A Guide To Guitar Chords

5 Guitar Tips and Tricks for D Chords

 

Every guitar chord has its own characteristics and depending on how a chord looks on the fret board each has its own little tricks you can use to embellish the chord or start a song on it.

In this guitar lesson I'll show you 5 things you can do with a D chord.

Trick #1

Listen:

What Happens:

Three chords are used in this chord progression and all chords have a D in the bass: D, Dmaj9 and G/D (this means a G chord with a D as bass note). The finger picking that is used is called Travis picking (learn more about Travis Picking...)

Play:

Travis Picking in D

 

Trick #2

Listen:

What Happens:

This chord progression uses 1 chord: the D. What changes are the bass notes, they go from D to C# to C to B to Bb and finally to A. These kind of lowering bass lines are used a lot in music and convey a sense of sadness.

Play:

Lowering bass line in D

 

Trick #3

Listen:

What Happens:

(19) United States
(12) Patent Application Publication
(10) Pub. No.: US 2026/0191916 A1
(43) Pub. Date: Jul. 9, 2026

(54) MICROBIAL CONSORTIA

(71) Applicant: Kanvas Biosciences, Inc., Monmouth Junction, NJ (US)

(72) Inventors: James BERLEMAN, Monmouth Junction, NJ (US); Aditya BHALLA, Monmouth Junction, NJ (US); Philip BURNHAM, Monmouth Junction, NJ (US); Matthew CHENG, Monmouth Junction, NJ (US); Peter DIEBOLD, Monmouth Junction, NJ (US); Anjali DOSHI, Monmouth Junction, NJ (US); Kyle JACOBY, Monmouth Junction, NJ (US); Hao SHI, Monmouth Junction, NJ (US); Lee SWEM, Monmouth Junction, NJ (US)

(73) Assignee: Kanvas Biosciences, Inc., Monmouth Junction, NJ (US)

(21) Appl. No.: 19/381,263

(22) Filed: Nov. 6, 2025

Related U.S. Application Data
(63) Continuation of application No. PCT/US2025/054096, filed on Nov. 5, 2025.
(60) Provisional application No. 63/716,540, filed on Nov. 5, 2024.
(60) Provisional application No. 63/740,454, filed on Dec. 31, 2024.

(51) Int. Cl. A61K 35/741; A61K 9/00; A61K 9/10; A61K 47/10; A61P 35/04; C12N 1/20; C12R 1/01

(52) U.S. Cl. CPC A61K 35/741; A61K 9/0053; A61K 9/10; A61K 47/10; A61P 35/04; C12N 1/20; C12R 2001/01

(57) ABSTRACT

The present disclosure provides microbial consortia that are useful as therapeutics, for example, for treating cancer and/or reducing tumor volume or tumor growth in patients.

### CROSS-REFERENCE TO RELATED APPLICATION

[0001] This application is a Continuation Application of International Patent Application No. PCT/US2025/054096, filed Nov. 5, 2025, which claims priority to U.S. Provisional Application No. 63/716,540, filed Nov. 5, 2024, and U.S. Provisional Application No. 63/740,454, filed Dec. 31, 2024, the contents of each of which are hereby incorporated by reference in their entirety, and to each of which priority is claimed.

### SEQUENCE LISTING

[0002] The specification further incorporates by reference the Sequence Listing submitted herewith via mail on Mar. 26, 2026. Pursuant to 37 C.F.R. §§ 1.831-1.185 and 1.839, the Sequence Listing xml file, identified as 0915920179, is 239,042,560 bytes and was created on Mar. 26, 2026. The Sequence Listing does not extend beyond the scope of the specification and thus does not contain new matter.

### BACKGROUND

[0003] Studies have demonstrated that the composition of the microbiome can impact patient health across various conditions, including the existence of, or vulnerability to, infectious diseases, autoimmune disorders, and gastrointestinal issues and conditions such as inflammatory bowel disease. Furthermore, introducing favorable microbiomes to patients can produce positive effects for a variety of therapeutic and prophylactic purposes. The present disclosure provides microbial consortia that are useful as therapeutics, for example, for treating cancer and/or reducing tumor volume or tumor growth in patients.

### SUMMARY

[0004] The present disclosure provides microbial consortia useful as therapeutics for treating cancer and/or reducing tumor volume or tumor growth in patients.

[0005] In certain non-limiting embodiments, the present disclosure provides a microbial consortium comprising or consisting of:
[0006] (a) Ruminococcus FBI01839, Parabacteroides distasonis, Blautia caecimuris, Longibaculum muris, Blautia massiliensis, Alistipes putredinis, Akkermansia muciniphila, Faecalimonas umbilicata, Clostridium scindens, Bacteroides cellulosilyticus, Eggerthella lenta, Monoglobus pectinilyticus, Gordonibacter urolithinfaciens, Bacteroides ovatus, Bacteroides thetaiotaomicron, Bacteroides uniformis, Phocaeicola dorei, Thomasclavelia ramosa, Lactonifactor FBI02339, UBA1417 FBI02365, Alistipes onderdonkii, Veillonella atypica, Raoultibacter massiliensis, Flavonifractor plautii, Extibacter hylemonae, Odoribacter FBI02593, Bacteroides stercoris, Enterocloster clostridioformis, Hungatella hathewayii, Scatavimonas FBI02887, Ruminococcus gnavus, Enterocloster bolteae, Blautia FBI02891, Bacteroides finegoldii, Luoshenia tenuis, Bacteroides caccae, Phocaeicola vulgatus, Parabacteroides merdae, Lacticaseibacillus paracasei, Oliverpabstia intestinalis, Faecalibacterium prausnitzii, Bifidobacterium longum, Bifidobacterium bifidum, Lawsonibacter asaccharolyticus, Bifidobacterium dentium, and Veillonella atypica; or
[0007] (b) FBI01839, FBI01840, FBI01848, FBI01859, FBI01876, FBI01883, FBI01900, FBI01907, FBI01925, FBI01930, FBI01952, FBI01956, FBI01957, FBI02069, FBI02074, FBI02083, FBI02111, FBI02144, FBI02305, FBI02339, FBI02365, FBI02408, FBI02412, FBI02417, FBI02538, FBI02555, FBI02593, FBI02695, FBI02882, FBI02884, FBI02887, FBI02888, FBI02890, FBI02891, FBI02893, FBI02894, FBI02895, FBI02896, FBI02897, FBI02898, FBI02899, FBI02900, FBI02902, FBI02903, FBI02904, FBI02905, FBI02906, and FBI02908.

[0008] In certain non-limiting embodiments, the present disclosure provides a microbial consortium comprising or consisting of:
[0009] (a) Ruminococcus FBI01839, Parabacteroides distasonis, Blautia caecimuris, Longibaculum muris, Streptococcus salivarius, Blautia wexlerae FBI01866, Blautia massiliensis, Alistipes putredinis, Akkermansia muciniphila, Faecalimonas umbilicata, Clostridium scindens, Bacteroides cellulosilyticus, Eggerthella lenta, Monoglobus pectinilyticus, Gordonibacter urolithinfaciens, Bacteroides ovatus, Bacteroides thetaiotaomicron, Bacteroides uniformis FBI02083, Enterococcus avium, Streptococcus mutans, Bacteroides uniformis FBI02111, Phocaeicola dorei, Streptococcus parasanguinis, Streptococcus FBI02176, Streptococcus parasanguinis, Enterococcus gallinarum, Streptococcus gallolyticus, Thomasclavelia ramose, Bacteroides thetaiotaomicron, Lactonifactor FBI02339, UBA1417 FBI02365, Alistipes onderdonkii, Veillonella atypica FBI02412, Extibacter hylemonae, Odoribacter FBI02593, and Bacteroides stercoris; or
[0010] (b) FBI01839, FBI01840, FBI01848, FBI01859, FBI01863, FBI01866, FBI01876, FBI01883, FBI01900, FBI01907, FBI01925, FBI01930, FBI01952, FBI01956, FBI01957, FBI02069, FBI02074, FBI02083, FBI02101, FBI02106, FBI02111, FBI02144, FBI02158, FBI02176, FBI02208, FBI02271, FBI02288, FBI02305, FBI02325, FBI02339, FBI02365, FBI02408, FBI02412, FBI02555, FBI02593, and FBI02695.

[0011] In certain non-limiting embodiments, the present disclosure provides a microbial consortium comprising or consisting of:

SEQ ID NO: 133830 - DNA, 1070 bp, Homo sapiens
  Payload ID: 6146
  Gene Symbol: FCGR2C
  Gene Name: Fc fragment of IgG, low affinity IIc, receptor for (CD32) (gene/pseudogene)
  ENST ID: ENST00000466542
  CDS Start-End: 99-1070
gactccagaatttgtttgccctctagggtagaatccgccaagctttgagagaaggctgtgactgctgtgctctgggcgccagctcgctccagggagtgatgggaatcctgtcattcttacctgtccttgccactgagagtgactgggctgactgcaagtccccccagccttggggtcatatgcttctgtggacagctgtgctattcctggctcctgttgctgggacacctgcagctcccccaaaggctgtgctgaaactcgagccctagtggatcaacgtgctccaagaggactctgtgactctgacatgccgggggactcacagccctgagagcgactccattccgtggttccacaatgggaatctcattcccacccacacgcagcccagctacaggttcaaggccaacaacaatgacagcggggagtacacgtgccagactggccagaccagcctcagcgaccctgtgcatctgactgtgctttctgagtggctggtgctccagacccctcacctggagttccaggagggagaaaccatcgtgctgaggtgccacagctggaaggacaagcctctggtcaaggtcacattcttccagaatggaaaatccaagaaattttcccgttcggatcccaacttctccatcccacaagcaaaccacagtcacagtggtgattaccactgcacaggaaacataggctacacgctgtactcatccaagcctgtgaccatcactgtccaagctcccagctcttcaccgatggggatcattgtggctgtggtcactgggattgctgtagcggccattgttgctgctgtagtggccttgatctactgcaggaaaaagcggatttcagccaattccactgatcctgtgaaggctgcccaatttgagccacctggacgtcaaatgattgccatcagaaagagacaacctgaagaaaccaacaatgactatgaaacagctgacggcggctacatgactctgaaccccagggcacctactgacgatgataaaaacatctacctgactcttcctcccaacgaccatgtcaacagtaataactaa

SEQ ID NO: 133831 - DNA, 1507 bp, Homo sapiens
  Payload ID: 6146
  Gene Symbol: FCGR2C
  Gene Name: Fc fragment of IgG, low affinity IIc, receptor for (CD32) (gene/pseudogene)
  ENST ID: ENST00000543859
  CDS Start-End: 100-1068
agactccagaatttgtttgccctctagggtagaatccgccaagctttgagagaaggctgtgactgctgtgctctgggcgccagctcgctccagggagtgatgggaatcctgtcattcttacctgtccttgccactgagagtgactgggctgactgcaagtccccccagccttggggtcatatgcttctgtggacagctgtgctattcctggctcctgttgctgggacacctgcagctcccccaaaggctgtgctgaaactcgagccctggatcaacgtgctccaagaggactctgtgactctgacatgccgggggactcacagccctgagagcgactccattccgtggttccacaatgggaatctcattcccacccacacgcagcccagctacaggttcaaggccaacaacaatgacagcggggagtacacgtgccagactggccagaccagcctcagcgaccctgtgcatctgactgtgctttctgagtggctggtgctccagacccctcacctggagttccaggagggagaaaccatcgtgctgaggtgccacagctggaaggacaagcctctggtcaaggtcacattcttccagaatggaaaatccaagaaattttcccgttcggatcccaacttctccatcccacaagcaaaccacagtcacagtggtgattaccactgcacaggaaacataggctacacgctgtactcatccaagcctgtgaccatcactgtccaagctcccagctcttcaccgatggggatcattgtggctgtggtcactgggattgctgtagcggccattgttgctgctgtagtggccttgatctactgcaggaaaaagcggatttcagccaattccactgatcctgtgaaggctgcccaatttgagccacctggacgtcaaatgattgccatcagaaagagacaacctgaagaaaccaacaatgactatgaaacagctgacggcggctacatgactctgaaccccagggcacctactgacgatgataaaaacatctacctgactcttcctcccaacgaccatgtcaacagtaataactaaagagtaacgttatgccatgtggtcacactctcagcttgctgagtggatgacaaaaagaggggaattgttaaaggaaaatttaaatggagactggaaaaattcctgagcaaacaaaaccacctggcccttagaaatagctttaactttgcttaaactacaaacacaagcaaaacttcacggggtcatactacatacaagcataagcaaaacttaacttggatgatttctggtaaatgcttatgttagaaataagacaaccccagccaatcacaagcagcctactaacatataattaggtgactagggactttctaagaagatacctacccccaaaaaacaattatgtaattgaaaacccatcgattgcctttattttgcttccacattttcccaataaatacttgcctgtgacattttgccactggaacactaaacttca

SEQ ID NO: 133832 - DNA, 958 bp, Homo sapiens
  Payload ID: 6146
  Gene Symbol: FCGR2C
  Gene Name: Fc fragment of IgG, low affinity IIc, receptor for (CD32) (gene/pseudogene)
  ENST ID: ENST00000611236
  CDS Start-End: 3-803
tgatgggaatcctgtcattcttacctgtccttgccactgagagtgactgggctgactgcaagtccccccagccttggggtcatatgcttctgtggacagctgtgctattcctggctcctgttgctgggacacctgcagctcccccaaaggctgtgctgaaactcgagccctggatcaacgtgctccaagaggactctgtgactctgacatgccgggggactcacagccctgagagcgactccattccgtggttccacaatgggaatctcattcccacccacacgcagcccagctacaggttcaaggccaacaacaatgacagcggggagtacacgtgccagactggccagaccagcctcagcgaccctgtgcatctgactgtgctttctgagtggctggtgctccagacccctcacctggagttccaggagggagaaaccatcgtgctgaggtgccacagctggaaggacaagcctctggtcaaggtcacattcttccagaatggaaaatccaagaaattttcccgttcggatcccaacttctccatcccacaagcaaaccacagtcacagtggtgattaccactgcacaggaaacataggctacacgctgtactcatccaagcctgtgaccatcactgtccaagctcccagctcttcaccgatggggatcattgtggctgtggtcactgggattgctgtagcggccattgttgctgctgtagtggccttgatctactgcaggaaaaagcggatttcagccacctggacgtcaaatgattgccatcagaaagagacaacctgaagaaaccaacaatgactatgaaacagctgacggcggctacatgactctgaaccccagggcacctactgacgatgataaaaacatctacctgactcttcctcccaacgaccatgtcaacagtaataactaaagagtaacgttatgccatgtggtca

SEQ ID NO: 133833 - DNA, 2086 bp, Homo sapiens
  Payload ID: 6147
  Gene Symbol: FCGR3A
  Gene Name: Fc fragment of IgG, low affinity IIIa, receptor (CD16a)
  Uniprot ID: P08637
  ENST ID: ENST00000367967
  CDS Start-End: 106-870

These are some easy chord embellishments you can use on D, the only note changing is the note on the top string. These kind of embellishments are usually used for strumming.

Play:

Strumming in D

 

Trick #4

Listen:

What Happens:

The following technique is called "constant structure". While strumming, the shape of the D chord stays unchanged, but climbs higher and higher on the fret board. The bass note D stays the same.

Play:

Constant structure in D

 

Trick #5

What Happens:

There is this thing called Drop D Tuning, alternatively known as slack key or drop tuning. To achieve a drop d tuning you tune your 6th string (the lowest one) one step lower to D (instead of E).

This kind of tuning is often used in metal because it makes playing power chords easier. Drop D tuning has been used in a lot of songs over the years, including Dear Prudence (The Beatles) and All Apologies (Nirvana).

Learn more about Drop D Tuning...